The 2021 Naughty and Nice Lists for Brands

RICHMOND, Va., Dec. 16, 2021 /PRNewswire/ — The world’s brands end up on Santa’s naughty and nice lists, too, thanks to the Brand Federation, a consultancy in Richmond, Va., led by recognized industry leaders Kelly O’Keefe and Matt Williams.

O’Keefe, CEO of Brand Federation, is formerly a professor and chair of the creative brand management program at the Virginia Commonwealth University Brandcenter. Williams, Brand Federation’s chief growth officer, is a Clinical Professor in the marketing department at the Mason School of Business at William & Mary and formerly CEO of the Martin Agency. They have spent their careers building and shaping some of the world’s most recognized brands, including Capital One, ESPN, GEICO, UPS, Walmart, and more.

“The challenges of 2021 presented brands incredible opportunities to step up beyond sales and marketing,” said O’Keefe, Brand Federation’s co-founder and CEO. “Many did, but many also earned coal in their stockings.”

Naughty list:

Chevron
Despite claims of “reducing carbon intensity,” and investing in renewables, green groups, according to Reuters, found Chevron spent only 0.2% of its capital expenditures on lower-carbon energy sources. Brands, especially fossil fuel companies, need to play big roles in fighting climate change. Chevron is not.

Johnson & Johnson
Johnson & Johnson is recognized as the model for brand behavior during a crisis (see New York Times’ Tylenol made a hero of Johnson & Johnson). But it lost its way this year. Facing consumer lawsuits claiming asbestos in J&J baby powder, the company pulled a fast one in Texas. It spun off a new company to hold all the asbestos-related liabilities. The new company then promptly filed for bankruptcy, severely curtailing efforts by consumers to recover damages. It’s a case study for extremely poor brand behavior.

Subway
The sandwich chain was dogged by questions about exactly what was in its sandwiches. Following up complaints, a New York Times investigation found that the tuna in Subway’s tuna sub… wasn’t really tuna. An independent lab found “no amplifiable tuna DNA in the samples.” (Other inquiries, however, did confirm the presence of tuna.) The fishy story followed one from last year in which an Irish court ruled Subway bread isn’t actually… bread.

Facebook
For tolerating misinformation, undermining democracy, and putting children, especially girls, in danger. The naughtiest.

Elon Musk – the influential billionaire behind pioneering brands like Tesla and SpaceX has cultivated its own brand. Sadly, it’s more petulant than inspiring. Frequent Twitter wars, possible digital currency manipulation, and an apparent mean streak put him on the naughty list.

“We saw missteps this year, but also saw brands show us what’s possible, lift people up, and move us, however slightly, toward a better world,” Williams said.  

Nice list:

Tesla
Despite its naughty founder, the transformational Tesla brand is leading the way to a more sustainable future. It’s driving acceptance of electric cars in the US, growing fast, and dominating U.S. electric vehicle sales. The uptake of EVs is still small, but Tesla and its hard- charging competitors are proving their viability. For the planet’s future, that’s nice.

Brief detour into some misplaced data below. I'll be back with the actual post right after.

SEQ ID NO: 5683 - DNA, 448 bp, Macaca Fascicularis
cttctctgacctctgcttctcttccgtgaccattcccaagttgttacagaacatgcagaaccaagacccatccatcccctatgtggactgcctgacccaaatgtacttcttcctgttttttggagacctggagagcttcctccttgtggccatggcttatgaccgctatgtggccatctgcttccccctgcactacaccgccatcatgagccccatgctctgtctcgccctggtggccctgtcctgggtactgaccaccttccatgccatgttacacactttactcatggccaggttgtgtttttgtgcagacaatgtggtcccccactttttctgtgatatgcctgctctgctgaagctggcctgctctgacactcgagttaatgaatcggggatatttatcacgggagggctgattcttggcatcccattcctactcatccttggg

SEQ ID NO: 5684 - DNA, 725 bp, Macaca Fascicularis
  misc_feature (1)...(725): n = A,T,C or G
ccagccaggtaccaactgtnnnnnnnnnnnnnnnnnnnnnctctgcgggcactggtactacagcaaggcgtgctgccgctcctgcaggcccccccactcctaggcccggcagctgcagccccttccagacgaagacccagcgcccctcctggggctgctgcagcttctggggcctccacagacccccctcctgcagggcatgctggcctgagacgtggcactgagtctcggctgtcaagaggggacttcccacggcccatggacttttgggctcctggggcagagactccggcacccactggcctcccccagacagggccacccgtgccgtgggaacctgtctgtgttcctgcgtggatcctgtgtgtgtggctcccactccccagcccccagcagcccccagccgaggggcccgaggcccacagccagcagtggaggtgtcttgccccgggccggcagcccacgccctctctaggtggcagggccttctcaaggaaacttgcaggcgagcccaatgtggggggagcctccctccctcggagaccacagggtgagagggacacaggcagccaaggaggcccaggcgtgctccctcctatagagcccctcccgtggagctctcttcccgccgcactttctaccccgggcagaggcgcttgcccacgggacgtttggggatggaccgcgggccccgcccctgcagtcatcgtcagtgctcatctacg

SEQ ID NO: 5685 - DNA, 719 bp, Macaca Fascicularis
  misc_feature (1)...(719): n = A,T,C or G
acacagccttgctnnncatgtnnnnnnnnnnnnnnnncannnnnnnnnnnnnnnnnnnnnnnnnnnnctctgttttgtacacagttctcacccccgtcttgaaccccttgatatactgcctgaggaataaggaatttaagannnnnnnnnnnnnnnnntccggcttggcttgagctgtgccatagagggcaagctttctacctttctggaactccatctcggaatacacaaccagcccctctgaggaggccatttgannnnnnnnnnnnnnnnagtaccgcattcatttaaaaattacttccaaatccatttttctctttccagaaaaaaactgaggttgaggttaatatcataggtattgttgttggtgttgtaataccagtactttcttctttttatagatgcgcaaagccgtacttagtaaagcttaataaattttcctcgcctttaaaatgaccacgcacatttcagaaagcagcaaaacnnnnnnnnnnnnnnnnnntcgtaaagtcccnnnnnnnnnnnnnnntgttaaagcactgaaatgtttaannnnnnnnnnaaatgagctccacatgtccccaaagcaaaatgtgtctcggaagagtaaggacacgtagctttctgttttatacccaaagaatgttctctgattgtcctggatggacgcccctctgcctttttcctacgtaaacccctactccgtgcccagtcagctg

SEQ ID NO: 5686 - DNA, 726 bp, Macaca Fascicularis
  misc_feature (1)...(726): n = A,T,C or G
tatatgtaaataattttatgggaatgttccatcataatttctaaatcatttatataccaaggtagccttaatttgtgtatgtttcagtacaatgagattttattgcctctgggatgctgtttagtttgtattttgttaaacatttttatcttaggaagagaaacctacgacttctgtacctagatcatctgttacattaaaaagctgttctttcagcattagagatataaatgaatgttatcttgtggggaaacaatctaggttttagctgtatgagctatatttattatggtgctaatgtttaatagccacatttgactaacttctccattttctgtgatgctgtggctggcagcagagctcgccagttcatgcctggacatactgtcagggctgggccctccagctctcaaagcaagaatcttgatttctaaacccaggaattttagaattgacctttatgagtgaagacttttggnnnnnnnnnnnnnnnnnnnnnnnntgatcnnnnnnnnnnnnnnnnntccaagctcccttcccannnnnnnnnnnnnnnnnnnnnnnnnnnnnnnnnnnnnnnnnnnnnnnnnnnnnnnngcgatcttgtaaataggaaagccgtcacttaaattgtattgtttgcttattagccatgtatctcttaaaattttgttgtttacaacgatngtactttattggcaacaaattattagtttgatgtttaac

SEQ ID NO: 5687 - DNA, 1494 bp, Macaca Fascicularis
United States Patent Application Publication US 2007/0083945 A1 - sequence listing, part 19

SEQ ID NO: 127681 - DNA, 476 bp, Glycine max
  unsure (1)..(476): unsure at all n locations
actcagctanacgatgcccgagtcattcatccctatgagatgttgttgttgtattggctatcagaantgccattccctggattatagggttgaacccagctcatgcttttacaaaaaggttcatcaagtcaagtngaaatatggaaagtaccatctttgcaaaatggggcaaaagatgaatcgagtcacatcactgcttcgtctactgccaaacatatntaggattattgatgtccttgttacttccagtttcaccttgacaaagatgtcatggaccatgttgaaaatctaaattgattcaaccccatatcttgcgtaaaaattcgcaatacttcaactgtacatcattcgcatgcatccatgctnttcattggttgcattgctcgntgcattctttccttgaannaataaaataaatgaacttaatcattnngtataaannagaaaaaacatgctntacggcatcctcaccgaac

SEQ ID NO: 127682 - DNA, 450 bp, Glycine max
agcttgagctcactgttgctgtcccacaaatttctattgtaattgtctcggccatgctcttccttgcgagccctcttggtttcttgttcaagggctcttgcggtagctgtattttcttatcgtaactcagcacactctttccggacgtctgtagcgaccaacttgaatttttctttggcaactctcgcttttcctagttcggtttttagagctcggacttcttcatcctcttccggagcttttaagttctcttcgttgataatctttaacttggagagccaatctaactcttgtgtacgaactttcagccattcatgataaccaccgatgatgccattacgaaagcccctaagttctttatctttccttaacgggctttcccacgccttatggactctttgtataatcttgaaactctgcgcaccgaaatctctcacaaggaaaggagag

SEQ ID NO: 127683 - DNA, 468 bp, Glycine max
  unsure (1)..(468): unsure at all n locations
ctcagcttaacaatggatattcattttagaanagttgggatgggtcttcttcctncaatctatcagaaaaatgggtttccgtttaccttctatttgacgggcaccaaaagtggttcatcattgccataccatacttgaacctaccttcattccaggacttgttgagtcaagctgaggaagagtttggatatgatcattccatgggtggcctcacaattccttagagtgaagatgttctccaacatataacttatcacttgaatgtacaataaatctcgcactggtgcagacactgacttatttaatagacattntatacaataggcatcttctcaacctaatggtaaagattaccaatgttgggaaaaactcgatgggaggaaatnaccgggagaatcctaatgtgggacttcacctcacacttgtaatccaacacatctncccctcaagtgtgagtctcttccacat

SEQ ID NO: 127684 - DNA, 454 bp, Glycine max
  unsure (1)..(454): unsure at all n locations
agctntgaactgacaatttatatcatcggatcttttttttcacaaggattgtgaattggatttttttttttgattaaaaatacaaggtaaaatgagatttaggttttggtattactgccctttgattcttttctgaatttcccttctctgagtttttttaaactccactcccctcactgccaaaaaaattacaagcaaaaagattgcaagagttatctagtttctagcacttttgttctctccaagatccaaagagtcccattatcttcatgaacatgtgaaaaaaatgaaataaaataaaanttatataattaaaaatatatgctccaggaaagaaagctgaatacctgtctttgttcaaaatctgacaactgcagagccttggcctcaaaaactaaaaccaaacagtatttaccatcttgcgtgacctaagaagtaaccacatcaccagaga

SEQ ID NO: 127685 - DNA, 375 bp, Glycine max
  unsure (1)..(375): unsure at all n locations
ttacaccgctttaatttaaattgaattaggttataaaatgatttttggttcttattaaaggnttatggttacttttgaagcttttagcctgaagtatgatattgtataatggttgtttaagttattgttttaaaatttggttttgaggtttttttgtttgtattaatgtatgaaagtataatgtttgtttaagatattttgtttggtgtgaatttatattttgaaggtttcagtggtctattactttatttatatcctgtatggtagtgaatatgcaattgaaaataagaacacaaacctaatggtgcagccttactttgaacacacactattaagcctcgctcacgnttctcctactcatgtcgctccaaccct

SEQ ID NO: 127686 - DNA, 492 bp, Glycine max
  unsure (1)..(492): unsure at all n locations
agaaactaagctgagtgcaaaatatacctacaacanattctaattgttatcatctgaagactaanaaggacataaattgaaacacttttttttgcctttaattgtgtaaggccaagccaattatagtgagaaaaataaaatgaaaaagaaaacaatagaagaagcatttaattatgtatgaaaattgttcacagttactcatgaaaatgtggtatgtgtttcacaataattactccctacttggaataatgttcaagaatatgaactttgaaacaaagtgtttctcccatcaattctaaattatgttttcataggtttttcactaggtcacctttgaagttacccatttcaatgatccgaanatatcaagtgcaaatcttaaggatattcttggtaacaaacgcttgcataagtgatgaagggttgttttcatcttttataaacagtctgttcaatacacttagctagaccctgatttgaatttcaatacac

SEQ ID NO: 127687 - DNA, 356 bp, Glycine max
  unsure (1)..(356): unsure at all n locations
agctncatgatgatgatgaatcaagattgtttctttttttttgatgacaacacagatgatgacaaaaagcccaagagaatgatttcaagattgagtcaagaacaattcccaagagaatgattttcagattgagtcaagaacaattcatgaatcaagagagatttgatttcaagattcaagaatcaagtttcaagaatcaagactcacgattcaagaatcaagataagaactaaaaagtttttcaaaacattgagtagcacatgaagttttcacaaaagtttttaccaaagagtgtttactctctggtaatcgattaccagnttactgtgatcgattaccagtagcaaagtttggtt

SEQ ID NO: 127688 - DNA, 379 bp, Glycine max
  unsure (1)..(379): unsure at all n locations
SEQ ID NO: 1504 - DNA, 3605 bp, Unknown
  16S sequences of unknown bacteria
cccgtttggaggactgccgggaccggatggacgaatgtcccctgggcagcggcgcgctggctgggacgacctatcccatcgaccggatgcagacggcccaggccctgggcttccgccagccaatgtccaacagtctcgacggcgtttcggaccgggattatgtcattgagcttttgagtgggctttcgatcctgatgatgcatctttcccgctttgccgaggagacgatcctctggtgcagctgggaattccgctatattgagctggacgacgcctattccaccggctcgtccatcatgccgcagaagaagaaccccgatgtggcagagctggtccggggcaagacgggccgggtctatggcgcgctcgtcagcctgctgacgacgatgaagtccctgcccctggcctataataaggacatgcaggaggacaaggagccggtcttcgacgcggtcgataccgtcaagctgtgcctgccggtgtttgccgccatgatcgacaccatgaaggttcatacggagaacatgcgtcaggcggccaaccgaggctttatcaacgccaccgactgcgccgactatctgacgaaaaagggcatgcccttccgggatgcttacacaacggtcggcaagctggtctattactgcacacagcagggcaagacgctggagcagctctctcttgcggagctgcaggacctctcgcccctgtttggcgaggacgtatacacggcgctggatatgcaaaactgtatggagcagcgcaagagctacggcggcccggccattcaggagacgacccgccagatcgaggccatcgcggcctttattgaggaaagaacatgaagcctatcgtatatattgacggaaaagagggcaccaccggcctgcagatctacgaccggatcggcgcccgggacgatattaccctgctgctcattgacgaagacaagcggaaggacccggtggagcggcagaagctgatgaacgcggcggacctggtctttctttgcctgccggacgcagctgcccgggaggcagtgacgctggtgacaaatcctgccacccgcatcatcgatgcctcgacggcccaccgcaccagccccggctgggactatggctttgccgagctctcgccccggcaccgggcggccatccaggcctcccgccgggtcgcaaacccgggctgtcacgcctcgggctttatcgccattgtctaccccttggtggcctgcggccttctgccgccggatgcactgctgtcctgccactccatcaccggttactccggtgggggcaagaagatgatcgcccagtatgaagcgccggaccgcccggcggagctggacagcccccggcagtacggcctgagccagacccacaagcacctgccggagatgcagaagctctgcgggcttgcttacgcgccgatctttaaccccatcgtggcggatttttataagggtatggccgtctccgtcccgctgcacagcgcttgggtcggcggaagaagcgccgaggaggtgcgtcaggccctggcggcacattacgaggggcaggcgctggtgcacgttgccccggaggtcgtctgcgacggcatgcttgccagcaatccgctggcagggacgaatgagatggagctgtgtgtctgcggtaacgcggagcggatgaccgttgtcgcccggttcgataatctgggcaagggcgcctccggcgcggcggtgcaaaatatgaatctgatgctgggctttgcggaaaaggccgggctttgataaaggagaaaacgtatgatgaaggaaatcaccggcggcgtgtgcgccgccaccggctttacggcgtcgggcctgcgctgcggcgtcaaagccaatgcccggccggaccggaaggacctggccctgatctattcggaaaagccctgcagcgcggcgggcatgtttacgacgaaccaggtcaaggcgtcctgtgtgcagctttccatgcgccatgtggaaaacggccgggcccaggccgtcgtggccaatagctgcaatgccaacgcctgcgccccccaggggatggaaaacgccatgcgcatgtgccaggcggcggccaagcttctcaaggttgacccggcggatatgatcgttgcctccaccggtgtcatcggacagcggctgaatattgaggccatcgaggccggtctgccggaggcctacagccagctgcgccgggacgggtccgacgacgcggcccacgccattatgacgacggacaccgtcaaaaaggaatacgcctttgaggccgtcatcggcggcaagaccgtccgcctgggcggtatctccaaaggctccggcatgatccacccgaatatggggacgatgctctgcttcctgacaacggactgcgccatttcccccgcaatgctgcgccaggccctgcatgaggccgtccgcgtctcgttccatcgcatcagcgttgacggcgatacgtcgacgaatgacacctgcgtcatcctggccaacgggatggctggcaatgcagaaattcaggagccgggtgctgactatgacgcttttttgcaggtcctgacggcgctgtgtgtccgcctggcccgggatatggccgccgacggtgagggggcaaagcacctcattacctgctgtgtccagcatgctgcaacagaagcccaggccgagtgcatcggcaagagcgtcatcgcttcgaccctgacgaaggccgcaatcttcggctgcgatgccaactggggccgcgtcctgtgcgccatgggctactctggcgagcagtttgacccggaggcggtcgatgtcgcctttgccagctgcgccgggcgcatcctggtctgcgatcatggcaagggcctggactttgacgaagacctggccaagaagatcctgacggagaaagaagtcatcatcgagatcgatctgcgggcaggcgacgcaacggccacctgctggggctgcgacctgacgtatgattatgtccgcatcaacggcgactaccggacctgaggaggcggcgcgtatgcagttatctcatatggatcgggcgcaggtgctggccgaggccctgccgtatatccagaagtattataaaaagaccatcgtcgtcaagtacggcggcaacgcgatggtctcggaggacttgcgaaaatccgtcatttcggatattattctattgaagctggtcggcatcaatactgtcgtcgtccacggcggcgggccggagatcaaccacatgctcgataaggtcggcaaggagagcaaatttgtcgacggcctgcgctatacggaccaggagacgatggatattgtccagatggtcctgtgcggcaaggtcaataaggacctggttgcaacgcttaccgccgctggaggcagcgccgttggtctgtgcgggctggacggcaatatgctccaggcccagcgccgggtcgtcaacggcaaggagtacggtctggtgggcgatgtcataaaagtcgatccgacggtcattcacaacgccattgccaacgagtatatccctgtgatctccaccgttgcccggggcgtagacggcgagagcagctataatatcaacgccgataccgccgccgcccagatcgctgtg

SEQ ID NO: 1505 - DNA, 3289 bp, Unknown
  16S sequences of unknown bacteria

Patagonia
Patagonia prioritizes the planet. The apparel company stopped adding corporate logos to its fleece vests, increasing their lifespan. Additionally, on Black Friday, the company donated the day’s $10 million in sales to environmental programs. The company stands up for its values in other ways, too, pulling its clothing from a Wyoming ski resort after it hosted a right-wing fundraiser with Marjorie Taylor Green in attendance. Nice!

Airbnb
Airbnb offered free temporary housing to 20,000 refugees fleeing Afghanistan after the US withdrawal. Founder Joe Gebbia said it was an “easy call” because of its generous host community and its history of supporting temporary accommodation needs. It’s an easy call to put brands that serve more than transactions on the nice list, too.

Uber and Lyft
With Texas law threatening legal action against anyone who helps a woman obtain an abortion, ridesharing companies Uber and Lyft pledged to pay drivers’ legal fees if they’re sued. Lyft also donated $1 million to planned parenthood. Uber and Lyft let their employees and customers know where they stand on an issue that affects their business. That’s good brand strategy.

Both O’Keefe and Williams are available for interviews to discuss the Naughty and Nice Lists for Brands in 2021. Contact Christian Munson at (804) 441-8091 to arrange a call or virtual meeting.

About Brand Federation
With a network of more than 100 independent strategists and specialists, Brand Federation sharpens brands’ ability to differentiate, communicate, and influence. Its disciplined, research-backed, and collaborative approach to brand strategy results in unique positioning, clear messaging and powerful marketing. For more information, visit www.brandfederation.com.

Contact:
Christian Munson, (804) 441-8091
[email protected]

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SOURCE Brand Federation

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